For a start there's the sheer originality of the sound; instantly recognisable from the very first second. These guitars sound like America; lyrical, tuneful, gnarled and ugly, subway trains and wrecked cars. Wide open spaces.
On this album the twist is that the mood is almost a mellow one. There's plenty of extreme sonic attack of course, "Karen Revisited" features an extraordinary moment which sounds like a jet engine colliding with half a dozen fax machines. But the opening track "The Empty Page" sets the tone: reflective, melodic, mature. Throughout, the feedback and noise seem integrated, and oddly beautiful. And for once, both the singing and the lyrics seem exactly right. There's variety enough: as well as long workouts like "Rain On Tin", there's the short sharp punk rock from another galaxy of "Plastic Sun". Newest member Jim O'Rourke, on bass guitar,seems to have given them a new lease of life: his clean production is another plus.
On previous records Sonic Youth were sometimes self indulgent and often patchy. But there's no trace of that here. The whole thing lasts only 47 minutes, a blessed relief in these days of over long, overdone product. If you've never heard them before this is a great place to start. It's one of their best, and an object lesson to any pretender. Quietly they have reasserted their place as not just the Kings and Queen of Underground rock, but as purveyors of one of the most distinctive sounds in music. When the "albums of the year" lists come round, this one will be on them. --Nick Reynolds
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Standout tracks for me are Lee's excellent 'Karen Revisited', which touches on psychedelia and has an excellent breakdown at the end, managing to sound both disturbing and beautiful at the same time. Also a standout is the Kim-song, 'Sympathy For The Strawberry', which shows us a different style of her music (harking back to maybe Evol's 'Shadow of a Doubt'). This contrasts nicely with her more punky 'Plastic Sun' earlier on the album. 'Radical Adults Lick Godhead Style' penned by Thurston is also excellent, along with the all of the tracks really.
All in all I think this is one of their most coherent albums and one I would recommend to both Youth and non-Youth fans alike.
"The Empty Page" is another classic Thurston Moore album opener, and it just gets better from there. "Karen Revisited" is a particular highlight, best Lee Ranaldo since "Rain King"? Jim O'Rourke appears to have added an extra dimension with production and extra guitars. Check out the guitars on "Plastic Sun", pure class. Roll on the Summer tour..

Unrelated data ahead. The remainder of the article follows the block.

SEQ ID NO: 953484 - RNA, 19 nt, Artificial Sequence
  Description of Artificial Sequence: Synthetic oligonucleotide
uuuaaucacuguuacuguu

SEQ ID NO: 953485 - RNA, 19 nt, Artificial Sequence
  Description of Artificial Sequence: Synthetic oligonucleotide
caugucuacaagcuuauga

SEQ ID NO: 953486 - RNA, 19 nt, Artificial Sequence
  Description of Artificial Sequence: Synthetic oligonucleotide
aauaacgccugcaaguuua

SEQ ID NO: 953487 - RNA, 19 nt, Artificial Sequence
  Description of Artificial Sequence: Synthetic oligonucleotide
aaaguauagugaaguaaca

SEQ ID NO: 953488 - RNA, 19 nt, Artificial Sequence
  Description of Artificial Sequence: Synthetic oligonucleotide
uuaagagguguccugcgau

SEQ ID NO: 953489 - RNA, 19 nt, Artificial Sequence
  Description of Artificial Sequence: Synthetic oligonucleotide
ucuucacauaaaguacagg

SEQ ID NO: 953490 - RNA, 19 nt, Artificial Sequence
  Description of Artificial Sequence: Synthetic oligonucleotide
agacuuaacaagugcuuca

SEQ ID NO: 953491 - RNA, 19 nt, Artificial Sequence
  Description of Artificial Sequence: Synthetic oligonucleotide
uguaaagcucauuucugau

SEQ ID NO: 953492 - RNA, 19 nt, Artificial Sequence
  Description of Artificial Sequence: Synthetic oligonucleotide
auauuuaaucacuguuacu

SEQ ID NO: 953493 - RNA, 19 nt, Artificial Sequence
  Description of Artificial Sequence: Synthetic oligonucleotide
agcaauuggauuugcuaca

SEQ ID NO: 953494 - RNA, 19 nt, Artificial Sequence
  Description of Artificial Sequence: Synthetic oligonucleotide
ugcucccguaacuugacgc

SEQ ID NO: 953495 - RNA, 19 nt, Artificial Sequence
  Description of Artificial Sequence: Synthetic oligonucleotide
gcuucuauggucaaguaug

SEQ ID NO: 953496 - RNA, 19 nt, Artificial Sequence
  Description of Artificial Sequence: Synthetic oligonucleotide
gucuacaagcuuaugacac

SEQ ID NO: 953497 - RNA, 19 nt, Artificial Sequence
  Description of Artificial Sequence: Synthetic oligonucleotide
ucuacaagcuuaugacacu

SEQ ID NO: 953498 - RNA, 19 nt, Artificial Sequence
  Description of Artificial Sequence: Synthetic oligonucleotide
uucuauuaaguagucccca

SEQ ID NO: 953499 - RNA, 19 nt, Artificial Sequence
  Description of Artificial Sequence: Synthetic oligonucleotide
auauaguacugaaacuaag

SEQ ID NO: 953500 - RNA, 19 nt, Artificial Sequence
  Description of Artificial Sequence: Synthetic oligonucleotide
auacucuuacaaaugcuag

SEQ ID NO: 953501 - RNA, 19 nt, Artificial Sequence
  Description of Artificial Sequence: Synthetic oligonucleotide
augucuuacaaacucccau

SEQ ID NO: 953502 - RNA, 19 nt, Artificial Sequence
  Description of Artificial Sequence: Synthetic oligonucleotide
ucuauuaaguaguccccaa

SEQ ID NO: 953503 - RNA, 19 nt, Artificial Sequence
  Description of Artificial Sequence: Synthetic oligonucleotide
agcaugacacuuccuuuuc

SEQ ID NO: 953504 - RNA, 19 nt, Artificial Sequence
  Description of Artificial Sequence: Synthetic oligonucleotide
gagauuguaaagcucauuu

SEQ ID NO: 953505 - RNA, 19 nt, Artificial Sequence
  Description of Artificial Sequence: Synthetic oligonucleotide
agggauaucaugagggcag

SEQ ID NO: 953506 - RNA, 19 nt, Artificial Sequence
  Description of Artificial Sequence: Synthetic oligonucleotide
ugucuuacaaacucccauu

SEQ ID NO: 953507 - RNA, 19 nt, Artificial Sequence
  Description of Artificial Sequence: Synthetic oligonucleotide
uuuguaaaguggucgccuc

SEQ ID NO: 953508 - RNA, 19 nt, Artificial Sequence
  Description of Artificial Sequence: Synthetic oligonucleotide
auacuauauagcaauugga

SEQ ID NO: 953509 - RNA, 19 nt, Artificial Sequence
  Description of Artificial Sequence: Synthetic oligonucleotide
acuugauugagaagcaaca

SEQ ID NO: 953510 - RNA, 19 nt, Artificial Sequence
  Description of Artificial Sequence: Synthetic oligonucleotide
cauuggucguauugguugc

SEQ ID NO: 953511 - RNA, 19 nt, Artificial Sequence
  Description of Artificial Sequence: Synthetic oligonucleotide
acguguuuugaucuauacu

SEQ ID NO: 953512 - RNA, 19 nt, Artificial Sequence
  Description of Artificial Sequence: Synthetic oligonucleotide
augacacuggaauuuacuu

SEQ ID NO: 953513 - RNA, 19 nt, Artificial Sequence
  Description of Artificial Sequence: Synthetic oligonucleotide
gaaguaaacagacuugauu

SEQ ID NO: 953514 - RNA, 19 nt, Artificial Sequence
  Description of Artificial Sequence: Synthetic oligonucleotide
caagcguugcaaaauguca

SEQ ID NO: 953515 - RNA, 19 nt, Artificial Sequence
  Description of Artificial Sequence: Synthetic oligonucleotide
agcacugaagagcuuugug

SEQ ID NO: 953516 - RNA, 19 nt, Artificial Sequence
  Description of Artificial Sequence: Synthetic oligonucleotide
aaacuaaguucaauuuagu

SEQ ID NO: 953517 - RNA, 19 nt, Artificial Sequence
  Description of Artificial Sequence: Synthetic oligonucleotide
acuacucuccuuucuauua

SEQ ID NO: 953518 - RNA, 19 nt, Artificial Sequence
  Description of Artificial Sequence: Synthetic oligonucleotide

It has been said that SY are no longer relevant, that their risks are no longer risks. They only play for their own sonic pleasure. Maybe thats true, but just listen to Murry Street and then stick on Is This It and ask yourself which is more relevant. Which will leave you drained and bored, which will want you asking for more, more, more????!!!!! Sonic Youth are as important as any band around at the moment, they have been for the past two decades. Forget The Strokes, Sonic Youth are THE quintessential New York band. They'll still be making great music when The Strokes, BRMC, Hives, etc, etc are long gone.
Go and get Murry Street now!!!
Song by song:
1. Empty Page: melodious in a 'Sister' style, but including 15 years experience and a beat that'll have you tapping your feet.
2. Disconnection Notice: melodious again, with great mesa-stabs of echo guitar and a glorious guitar-as-modem feedback outro. Wouldn't be out of place on 'A Thousand Leaves.'
3. Rain On Tin: starts weak, three Thurston vocals in a row is a little too much. Get past the vocals and you're rewarded with a lovely sonic workout akin to the quieter parts of 'The Diamond Sea.'
4. Karen Revisited: As ever, Lee provides a consistant level of quality. An awkward start leads into a rocker that could have appeared on 'Daydream Nation' and then descends into pure noise in a manner not dissimilar to Lee's song 'Mote' from 'Goo.'
5.Radical Adults Lick Godhead Style: The stand-out track track on the album, this rocks, screams, experiments and bewitches all at once. Twin horns play Coltrane-style sheets of sound in tandem with the Youth's furious guitar assault. Stunning.
6. Plastic Sun: Kim Gordon's tracks are either (a) amazing or (b) terrible. This is pretty bad, but nowhere near as bad as 'Lightnin'" from the last album. No experimenting, and bad lyrics, this may have been good if sung by Kurt Cobain 10 years ago, but has no place in the SY canon beyond being a B-side.
7. Sympathy For The Strawberry: This sounds unfinished, a sonic jam that would have been on one of the SYR 'snapshot' EP's and then a year later appearing as a finished song on an album.... Read more ›
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